US4354501A (en) * 1979-08-28 1982-10-19 Univ Washington Esophageal catheter including ultrasonic transducer for use in detection of air emboli
US4316391A (en) * 1979-11-13 1982-02-23 Ultra Med, Inc. Flow rate measurement
US4304239A (en) * 1980-03-07 1981-12-08 The Kendall Company Esophageal probe with balloon electrode
US4349031A (en) * 1980-03-07 1982-09-14 The Kendall Company Esophageal probe with disposable cover
US4304240A (en) * 1980-03-07 1981-12-08 The Kendall Company Esophageal probe with dual sound detection
US4369794A (en) * 1980-10-30 1983-01-25 Mallinckrodt, Inc. Probe with electrocardiographic monitoring
US4509526A (en) * 1983-02-08 1985-04-09 Lawrence Medical Systems, Inc. Method and system for non-invasive ultrasound Doppler cardiac output measurement

Non-Patent Citations (28)

* Cited by examiner, † Cited by third party
Title
Baker, "Pulsed Ultrasonic Doppler Blood-Flow Sensing", IEEE Transactions on Sonics and Ultrasonics, vol. SU-17, No. 3, Jul. 1970, pp. 170-184.
Baker, Pulsed Ultrasonic Doppler Blood Flow Sensing , IEEE Transactions on Sonics and Ultrasonics, vol. SU 17, No. 3, Jul. 1970, pp. 170 184. *
Darsee et al, "Transcutaneous Doppler Method of Measuring Cardiac Output", American Journal of Cardiology, vol. 46, pp. 613-618, Oct. 1980.
Darsee et al, Transcutaneous Doppler Method of Measuring Cardiac Output , American Journal of Cardiology, vol. 46, pp. 613 618, Oct. 1980. *
Duck et al, "An Esophageal Doppler Probe for Aortic Flow Velocity Monitoring", Ultrasound in Med. & Biol., vol. 1, No. 3, pp. 233-241, Aug. 1974.
Duck et al, An Esophageal Doppler Probe for Aortic Flow Velocity Monitoring , Ultrasound in Med. & Biol., vol. 1, No. 3, pp. 233 241, Aug. 1974. *
Hartley et al, "An Ultrasonic Pulsed Doppler System for Measuring Blood Flow in Small Vessels", Journal of Applied Physiology, vol. 37, No. 4, Oct. 1974.
Hartley et al, An Ultrasonic Pulsed Doppler System for Measuring Blood Flow in Small Vessels , Journal of Applied Physiology, vol. 37, No. 4, Oct. 1974. *
Heneghan et al, "Non-Invasive Measurement of Cardiac Output During Anaesthesia", British Journal of Anaesthesia, vol. 53, pp. 351-355, 1981.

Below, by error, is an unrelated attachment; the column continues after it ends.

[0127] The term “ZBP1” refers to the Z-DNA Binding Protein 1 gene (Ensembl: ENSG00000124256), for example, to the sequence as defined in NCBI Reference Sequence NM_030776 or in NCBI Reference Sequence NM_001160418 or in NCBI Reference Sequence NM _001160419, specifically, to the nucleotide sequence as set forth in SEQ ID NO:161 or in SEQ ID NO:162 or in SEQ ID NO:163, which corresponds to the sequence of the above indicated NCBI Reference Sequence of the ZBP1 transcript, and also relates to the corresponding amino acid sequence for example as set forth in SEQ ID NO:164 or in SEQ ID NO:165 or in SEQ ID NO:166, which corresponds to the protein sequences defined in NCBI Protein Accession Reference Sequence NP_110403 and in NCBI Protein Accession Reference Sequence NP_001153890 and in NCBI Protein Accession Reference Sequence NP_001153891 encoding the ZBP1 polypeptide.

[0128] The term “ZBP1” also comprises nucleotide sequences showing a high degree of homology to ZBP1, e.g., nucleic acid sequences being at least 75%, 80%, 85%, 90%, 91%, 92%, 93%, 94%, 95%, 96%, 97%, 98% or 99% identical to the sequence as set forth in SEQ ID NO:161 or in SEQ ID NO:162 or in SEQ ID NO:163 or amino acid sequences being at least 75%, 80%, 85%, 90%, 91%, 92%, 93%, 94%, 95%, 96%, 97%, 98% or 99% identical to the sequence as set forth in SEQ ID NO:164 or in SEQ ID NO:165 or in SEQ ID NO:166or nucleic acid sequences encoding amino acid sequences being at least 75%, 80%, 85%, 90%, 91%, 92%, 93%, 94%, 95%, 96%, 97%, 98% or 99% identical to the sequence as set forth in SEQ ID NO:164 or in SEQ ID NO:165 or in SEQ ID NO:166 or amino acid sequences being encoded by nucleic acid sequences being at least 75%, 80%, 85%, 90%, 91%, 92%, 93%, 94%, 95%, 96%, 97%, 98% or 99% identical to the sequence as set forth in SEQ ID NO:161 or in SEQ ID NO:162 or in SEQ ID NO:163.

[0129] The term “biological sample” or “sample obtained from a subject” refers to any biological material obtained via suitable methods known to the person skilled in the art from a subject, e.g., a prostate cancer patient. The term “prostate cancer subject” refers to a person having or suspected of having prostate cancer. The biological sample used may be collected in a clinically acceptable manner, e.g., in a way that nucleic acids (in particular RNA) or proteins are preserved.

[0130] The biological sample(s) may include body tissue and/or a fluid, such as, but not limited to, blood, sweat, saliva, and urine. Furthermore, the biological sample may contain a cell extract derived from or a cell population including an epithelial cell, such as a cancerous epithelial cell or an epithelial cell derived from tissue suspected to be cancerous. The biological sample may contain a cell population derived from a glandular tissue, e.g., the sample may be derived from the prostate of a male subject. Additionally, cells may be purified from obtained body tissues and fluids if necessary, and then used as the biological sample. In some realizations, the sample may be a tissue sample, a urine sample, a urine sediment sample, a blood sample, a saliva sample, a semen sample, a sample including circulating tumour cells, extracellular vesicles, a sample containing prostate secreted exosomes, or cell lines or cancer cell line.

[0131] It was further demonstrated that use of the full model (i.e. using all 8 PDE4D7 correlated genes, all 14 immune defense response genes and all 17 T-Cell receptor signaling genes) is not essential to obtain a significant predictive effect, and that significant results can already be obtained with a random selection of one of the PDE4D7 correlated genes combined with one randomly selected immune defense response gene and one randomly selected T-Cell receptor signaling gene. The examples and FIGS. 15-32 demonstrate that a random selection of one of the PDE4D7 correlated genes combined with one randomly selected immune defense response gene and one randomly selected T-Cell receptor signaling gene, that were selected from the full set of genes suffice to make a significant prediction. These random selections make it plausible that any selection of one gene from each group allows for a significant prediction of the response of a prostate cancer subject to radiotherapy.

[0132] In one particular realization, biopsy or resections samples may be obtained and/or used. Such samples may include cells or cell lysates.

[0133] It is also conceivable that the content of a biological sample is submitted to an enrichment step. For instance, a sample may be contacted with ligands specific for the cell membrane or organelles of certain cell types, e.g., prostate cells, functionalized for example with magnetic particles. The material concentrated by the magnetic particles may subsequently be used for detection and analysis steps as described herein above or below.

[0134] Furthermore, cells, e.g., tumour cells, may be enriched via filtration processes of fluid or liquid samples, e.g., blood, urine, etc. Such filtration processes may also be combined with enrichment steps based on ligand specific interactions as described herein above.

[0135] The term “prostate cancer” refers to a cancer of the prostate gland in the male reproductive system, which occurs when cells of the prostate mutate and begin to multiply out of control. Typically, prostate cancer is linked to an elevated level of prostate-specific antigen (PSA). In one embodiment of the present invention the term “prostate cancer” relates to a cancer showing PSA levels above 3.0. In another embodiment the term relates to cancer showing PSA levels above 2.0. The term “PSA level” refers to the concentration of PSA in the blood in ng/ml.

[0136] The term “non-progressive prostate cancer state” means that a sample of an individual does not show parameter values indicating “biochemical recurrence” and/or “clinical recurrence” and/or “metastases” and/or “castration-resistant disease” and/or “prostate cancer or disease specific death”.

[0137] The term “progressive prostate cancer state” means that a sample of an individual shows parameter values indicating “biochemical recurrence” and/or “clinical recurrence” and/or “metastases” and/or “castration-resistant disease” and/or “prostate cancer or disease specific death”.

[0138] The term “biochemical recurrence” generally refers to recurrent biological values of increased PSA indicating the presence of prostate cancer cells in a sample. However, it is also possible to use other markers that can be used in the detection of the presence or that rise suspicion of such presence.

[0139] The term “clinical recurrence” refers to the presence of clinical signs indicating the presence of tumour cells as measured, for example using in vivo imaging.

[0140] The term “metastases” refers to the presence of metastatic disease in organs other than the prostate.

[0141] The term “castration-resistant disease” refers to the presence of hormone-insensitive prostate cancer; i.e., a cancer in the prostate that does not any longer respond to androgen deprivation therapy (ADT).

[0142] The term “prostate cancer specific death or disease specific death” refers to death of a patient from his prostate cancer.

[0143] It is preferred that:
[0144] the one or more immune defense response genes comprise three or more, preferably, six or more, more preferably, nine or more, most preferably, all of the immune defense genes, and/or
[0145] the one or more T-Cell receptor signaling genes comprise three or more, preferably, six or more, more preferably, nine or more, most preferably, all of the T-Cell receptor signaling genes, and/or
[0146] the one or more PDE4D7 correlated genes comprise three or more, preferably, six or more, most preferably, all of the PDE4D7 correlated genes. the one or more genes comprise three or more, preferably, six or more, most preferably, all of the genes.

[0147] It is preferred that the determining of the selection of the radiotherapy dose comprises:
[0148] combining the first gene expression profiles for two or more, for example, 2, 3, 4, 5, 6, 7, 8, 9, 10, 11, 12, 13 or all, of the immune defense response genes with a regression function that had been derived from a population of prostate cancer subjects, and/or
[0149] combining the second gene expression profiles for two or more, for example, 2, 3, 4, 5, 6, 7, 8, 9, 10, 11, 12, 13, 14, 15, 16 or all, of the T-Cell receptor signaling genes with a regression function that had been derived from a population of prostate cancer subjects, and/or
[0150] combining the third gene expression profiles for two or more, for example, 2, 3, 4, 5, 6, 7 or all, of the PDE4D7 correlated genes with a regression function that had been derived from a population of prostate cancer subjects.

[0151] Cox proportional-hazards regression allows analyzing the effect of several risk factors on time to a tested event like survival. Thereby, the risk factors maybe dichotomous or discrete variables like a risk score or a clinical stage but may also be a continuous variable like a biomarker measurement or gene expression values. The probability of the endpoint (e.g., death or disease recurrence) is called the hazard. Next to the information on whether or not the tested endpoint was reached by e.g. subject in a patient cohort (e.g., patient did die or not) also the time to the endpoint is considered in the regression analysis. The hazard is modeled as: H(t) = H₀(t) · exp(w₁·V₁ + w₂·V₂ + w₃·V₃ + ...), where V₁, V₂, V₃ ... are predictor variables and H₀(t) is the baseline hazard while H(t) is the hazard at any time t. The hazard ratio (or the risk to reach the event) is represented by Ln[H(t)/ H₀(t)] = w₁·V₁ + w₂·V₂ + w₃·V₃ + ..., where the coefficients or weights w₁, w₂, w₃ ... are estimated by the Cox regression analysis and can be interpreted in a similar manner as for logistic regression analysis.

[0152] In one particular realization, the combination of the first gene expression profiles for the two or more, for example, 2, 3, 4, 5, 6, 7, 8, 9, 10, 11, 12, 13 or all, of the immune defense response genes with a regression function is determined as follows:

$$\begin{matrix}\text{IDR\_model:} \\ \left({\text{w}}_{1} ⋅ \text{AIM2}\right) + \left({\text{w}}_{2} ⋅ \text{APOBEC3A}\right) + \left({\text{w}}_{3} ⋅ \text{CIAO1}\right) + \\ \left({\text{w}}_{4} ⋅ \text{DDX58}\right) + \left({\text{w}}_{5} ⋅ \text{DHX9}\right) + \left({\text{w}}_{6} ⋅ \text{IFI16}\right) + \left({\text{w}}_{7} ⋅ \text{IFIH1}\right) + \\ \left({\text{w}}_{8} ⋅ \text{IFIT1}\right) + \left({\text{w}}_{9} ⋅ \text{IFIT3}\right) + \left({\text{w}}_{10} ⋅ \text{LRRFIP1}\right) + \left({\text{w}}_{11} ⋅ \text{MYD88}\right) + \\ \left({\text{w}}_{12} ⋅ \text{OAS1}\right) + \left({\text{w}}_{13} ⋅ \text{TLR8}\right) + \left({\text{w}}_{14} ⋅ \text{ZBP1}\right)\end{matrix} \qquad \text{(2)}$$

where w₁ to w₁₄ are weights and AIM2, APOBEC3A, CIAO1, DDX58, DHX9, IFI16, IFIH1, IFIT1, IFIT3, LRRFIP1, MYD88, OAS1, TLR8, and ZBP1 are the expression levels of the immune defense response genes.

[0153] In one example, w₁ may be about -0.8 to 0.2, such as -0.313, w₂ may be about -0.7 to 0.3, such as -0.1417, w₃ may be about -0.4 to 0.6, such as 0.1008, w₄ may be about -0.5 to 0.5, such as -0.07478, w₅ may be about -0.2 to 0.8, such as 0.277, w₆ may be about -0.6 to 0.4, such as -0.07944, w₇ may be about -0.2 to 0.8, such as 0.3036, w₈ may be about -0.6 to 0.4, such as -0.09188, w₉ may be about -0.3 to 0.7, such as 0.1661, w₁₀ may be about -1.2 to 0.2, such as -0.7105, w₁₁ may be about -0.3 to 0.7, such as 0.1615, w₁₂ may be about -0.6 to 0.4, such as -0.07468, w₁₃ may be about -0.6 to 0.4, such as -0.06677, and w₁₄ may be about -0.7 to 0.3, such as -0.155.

Heneghan et al, Non Invasive Measurement of Cardiac Output During Anaesthesia , British Journal of Anaesthesia, vol. 53, pp. 351 355, 1981. *
Histand et al, "Ultrasonic Pulsed Doppler Transoesophageal Measurement of Aortic Haemodynamics in Humans", Ultrasonics, Sep. 1979.
Histand et al, Ultrasonic Pulsed Doppler Transoesophageal Measurement of Aortic Haemodynamics in Humans , Ultrasonics, Sep. 1979. *
Huntsman et al, "Non-Invasive Doppler Determination of Cardiac Output in Man", Circulation, vol. 67, No. 3, Mar. 1983, pp. 593-602.
Huntsman et al, "Transcutaneous Determination of Aortic Blood-Flow", American Heart Journal, vol. 89, No. 5, 609-612, May 1975.
Huntsman et al, Non Invasive Doppler Determination of Cardiac Output in Man , Circulation, vol. 67, No. 3, Mar. 1983, pp. 593 602. *
Huntsman et al, Transcutaneous Determination of Aortic Blood Flow , American Heart Journal, vol. 89, No. 5, 609 612, May 1975. *
Jethwa et al, "Blood Flow Measurements Using Ultrasonic Pulsed Random Signal Doppler System", IEEE Transactions on Sonics and Ultrasonics I-11, Jan. 1975.
Jethwa et al, Blood Flow Measurements Using Ultrasonic Pulsed Random Signal Doppler System , IEEE Transactions on Sonics and Ultrasonics I 11, Jan. 1975. *
Keagy et al, "A Removeable Extraluminal Doppler Probe for Continuous Monitoring of Changes in Cardiac Output", Journal of Ultrasound Medicine, 2:357-362, Aug. 1983.
Keagy et al, A Removeable Extraluminal Doppler Probe for Continuous Monitoring of Changes in Cardiac Output , Journal of Ultrasound Medicine, 2:357 362, Aug. 1983. *
Kohanna et al, "Monitoring of Cardiac Output by Thermodilution After Open Heart Surgery", Journal of Thoracic and Cardiovascular Surgery, vol. 73, No. 3, pp. 451-457, 3/77.
Kohanna et al, Monitoring of Cardiac Output by Thermodilution After Open Heart Surgery , Journal of Thoracic and Cardiovascular Surgery, vol. 73, No. 3, pp. 451 457, 3/77. *
Martin et al, "An Ultrasonic Catheter for Intravascular Measurement of Blood Flow", IEEE Transactions on Sonics and Ultrasonics, vol. SU-27, No. 6, Nov. 1980, pp. 277-286.
Martin et al, An Ultrasonic Catheter for Intravascular Measurement of Blood Flow , IEEE Transactions on Sonics and Ultrasonics, vol. SU 27, No. 6, Nov. 1980, pp. 277 286. *
Olson et al, "A Nondestructive Ultrasonic Technique to Measure Diameter and Blood Flow in Arteries", IEEE Transactions on Biomedical Engineering, vol. BME-21, No. 2, pp. 168-171, Mar. 1974.
Olson et al, A Nondestructive Ultrasonic Technique to Measure Diameter and Blood Flow in Arteries , IEEE Transactions on Biomedical Engineering, vol. BME 21, No. 2, pp. 168 171, Mar. 1974. *
Wells et al, "Ultrasonic Transesophageal Measurement of Cardiac Output", 1978 Advances in Bioengineering, San Francisco, Calif., (Dec. 10-15, 1978), pp. 121-123.
Wells et al, Ultrasonic Transesophageal Measurement of Cardiac Output , 1978 Advances in Bioengineering, San Francisco, Calif., (Dec. 10 15, 1978), pp. 121 123. *

Cited By (114)

* Cited by examiner, † Cited by third party
Publication number Priority date Publication date Assignee Title
US4819655A (en) * 1987-08-04 1989-04-11 Webler William E Injectateless thermal cardiac output determination method and apparatus
US5218969A (en) * 1988-02-04 1993-06-15 Blood Line Technology, Inc. Intelligent stethoscope
US5010889A (en) * 1988-02-04 1991-04-30 Bloodline Technology Intelligent stethoscope